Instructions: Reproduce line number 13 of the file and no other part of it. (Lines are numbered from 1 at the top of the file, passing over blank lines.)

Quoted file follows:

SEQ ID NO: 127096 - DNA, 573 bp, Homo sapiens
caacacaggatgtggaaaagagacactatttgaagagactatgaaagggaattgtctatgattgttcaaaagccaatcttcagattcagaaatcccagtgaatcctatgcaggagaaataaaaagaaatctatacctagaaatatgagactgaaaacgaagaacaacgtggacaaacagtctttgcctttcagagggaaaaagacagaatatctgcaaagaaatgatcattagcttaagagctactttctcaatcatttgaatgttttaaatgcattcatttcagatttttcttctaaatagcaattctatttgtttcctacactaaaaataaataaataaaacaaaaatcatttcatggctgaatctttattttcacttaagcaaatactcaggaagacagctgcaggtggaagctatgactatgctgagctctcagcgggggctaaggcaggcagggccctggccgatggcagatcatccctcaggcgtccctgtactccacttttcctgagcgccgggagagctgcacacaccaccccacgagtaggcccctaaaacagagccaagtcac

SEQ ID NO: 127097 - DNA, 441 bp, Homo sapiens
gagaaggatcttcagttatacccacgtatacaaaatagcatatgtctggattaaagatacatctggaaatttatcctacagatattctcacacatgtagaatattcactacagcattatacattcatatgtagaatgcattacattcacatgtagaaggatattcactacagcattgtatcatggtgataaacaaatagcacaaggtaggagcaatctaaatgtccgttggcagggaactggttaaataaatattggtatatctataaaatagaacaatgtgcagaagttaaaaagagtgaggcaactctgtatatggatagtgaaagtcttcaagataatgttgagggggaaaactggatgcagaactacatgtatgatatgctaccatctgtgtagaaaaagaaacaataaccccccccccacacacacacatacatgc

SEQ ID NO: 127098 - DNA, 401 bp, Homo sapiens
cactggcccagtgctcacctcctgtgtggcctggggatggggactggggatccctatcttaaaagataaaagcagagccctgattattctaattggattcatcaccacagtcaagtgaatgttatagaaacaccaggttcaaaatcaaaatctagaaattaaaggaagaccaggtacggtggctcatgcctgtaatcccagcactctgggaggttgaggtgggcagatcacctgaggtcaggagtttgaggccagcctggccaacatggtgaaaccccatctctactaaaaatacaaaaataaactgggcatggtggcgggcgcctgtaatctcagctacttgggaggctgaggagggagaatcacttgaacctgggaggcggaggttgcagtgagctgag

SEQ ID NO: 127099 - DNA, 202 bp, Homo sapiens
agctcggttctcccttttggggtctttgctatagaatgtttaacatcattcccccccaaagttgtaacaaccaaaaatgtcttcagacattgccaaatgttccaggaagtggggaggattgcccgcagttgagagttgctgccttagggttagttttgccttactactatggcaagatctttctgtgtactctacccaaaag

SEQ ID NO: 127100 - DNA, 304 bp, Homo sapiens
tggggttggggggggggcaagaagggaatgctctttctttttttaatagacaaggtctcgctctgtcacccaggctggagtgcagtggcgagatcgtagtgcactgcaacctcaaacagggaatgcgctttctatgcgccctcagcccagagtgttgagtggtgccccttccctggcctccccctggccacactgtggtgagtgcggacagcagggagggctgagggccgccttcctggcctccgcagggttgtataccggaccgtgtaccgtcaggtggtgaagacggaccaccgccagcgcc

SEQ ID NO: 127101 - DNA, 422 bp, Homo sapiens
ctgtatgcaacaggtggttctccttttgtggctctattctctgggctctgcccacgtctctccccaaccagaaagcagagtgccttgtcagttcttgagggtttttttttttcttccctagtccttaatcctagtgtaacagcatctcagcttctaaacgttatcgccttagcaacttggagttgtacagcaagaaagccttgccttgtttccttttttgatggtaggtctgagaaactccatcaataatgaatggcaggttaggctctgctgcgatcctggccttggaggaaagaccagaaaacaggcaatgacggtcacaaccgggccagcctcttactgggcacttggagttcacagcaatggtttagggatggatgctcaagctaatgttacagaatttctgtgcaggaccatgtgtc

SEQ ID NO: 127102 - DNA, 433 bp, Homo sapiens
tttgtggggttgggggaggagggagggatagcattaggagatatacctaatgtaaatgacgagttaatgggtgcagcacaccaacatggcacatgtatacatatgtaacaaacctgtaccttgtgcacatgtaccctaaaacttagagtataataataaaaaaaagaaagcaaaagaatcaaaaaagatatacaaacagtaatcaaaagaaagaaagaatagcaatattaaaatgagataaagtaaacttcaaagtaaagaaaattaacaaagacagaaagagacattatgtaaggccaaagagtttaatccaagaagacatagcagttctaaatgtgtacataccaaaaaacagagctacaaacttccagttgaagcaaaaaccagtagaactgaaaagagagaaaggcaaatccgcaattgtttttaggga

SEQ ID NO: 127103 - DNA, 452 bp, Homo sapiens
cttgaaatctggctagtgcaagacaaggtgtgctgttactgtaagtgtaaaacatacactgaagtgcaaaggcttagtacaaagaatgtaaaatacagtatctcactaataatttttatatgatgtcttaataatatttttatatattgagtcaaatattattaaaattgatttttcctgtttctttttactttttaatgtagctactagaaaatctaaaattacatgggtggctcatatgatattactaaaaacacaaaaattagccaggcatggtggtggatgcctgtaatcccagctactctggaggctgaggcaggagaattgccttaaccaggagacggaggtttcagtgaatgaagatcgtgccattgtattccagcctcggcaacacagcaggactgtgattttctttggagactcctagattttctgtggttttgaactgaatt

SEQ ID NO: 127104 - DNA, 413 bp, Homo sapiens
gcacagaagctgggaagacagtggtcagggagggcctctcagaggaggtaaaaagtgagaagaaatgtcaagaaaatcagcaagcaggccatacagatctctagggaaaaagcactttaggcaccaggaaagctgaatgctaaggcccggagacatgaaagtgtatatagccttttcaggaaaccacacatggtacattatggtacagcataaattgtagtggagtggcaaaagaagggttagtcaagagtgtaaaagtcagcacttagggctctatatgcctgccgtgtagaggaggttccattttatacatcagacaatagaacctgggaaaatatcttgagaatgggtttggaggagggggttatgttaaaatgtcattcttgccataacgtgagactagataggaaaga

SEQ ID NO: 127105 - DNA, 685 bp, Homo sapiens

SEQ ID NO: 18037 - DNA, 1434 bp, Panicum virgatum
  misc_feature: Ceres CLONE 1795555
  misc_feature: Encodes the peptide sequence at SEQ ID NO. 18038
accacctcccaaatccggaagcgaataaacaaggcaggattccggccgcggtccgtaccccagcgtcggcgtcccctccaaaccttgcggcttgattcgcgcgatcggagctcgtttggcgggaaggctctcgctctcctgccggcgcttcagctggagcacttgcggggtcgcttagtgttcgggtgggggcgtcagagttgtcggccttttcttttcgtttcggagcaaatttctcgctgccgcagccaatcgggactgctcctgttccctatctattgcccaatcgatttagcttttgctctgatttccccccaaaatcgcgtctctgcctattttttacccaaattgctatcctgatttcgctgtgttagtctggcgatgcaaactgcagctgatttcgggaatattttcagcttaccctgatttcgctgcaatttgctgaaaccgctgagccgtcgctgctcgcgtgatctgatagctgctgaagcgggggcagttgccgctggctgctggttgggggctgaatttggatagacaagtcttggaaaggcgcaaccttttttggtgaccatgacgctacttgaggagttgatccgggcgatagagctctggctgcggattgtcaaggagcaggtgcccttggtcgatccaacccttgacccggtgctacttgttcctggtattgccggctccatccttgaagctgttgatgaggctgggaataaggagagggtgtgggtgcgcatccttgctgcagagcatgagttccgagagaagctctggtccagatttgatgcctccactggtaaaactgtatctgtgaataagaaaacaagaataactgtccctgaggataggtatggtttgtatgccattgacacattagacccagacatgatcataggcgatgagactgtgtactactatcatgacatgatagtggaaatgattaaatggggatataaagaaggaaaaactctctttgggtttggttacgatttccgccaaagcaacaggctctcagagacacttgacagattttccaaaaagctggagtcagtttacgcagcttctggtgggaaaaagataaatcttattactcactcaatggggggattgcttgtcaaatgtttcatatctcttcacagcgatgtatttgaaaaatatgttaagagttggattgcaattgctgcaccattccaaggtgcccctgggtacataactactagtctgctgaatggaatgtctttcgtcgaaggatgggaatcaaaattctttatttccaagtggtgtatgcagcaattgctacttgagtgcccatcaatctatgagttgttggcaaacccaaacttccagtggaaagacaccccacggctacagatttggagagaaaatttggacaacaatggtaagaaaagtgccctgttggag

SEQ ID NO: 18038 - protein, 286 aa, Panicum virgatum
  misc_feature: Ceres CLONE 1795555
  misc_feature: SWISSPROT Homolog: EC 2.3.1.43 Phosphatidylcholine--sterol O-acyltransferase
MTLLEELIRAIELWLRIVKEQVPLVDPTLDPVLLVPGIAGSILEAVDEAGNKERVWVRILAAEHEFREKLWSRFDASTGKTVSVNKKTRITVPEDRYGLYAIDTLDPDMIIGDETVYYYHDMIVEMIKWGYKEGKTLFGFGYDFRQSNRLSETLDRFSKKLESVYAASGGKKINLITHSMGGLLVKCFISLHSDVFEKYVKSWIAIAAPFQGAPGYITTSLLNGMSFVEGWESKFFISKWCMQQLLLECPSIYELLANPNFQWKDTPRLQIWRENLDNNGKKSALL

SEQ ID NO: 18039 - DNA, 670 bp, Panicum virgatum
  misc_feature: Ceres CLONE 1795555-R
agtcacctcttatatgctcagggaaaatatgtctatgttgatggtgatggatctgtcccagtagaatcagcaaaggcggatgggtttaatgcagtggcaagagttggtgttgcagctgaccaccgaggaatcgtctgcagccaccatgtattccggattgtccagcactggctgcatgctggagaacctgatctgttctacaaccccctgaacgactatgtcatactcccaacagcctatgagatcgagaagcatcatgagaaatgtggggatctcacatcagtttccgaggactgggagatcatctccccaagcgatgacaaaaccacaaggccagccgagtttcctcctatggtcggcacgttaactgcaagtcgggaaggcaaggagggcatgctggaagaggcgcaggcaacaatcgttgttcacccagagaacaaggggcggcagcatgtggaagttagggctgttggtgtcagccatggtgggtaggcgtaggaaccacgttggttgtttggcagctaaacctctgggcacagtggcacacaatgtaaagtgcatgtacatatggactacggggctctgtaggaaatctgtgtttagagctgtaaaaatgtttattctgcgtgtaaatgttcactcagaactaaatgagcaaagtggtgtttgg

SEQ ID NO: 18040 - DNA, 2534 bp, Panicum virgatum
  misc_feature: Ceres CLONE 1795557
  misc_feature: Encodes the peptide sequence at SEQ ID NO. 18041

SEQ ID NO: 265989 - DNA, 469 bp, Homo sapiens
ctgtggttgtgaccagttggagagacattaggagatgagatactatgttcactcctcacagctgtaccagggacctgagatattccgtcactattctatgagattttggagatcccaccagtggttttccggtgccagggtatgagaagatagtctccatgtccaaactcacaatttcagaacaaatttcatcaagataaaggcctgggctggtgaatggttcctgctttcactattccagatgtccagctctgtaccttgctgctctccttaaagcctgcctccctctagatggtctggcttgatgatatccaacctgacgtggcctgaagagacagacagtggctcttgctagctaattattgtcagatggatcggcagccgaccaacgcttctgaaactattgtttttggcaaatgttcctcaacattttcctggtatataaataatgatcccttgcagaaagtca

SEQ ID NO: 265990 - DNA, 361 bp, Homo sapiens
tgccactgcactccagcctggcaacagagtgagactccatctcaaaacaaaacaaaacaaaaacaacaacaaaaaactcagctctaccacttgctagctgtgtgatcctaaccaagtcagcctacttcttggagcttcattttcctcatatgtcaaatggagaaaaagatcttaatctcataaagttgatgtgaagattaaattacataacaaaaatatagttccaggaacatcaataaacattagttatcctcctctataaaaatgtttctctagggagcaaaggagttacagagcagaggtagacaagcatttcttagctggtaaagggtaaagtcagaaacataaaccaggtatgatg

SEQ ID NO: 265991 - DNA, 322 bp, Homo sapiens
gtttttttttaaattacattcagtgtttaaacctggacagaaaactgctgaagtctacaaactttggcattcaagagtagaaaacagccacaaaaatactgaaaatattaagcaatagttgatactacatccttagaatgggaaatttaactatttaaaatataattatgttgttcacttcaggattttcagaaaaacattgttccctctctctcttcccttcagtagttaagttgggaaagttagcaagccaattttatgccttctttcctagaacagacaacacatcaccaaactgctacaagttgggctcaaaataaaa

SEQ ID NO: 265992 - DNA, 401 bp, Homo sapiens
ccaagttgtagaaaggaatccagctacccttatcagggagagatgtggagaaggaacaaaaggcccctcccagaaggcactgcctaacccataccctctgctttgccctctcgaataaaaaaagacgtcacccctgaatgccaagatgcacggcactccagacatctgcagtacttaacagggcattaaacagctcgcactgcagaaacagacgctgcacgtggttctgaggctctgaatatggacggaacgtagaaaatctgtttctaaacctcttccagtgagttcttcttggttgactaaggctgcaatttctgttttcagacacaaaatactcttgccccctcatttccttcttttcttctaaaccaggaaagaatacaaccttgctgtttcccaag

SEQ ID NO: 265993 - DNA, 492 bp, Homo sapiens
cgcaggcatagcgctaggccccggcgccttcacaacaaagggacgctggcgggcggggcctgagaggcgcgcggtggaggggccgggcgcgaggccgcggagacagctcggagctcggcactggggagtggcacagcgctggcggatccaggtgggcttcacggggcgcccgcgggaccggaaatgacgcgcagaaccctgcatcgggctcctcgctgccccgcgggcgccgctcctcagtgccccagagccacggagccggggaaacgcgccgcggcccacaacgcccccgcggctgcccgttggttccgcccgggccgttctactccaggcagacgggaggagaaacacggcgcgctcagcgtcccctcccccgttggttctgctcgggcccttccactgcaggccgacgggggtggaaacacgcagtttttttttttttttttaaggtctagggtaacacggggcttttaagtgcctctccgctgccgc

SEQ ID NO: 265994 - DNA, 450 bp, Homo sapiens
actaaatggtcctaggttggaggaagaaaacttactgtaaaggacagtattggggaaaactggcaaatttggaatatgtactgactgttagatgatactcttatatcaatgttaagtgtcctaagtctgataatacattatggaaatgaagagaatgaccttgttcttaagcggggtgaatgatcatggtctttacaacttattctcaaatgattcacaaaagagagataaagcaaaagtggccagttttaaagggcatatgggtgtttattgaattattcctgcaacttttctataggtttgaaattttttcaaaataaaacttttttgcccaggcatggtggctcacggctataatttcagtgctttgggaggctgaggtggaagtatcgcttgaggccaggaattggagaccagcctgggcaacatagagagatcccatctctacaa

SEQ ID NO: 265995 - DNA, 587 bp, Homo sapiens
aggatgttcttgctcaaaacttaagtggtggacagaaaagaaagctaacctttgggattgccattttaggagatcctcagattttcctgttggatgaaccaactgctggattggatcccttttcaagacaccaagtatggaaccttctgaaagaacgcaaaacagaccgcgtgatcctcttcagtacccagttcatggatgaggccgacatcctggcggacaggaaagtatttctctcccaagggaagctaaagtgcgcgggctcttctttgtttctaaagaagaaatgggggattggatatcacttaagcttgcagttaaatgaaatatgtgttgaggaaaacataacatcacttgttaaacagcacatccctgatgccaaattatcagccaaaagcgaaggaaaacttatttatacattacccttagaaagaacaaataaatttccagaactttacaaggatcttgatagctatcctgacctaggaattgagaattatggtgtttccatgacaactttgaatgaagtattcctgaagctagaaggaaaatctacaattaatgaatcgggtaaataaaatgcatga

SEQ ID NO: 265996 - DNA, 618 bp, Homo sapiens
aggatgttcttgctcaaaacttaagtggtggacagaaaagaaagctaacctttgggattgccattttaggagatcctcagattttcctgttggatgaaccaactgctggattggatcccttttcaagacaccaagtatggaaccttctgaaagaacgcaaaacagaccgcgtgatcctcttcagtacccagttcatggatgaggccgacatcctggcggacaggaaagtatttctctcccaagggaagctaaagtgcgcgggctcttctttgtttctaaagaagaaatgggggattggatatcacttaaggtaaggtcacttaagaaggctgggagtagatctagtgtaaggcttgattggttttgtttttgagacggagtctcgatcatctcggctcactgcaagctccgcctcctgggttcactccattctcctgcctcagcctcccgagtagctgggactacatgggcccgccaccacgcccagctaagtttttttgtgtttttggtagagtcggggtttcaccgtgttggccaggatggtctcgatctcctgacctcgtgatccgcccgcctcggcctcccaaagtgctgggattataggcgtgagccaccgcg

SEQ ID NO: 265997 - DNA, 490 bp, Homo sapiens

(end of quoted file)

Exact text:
SEQ ID NO: 127102 - DNA, 433 bp, Homo sapiens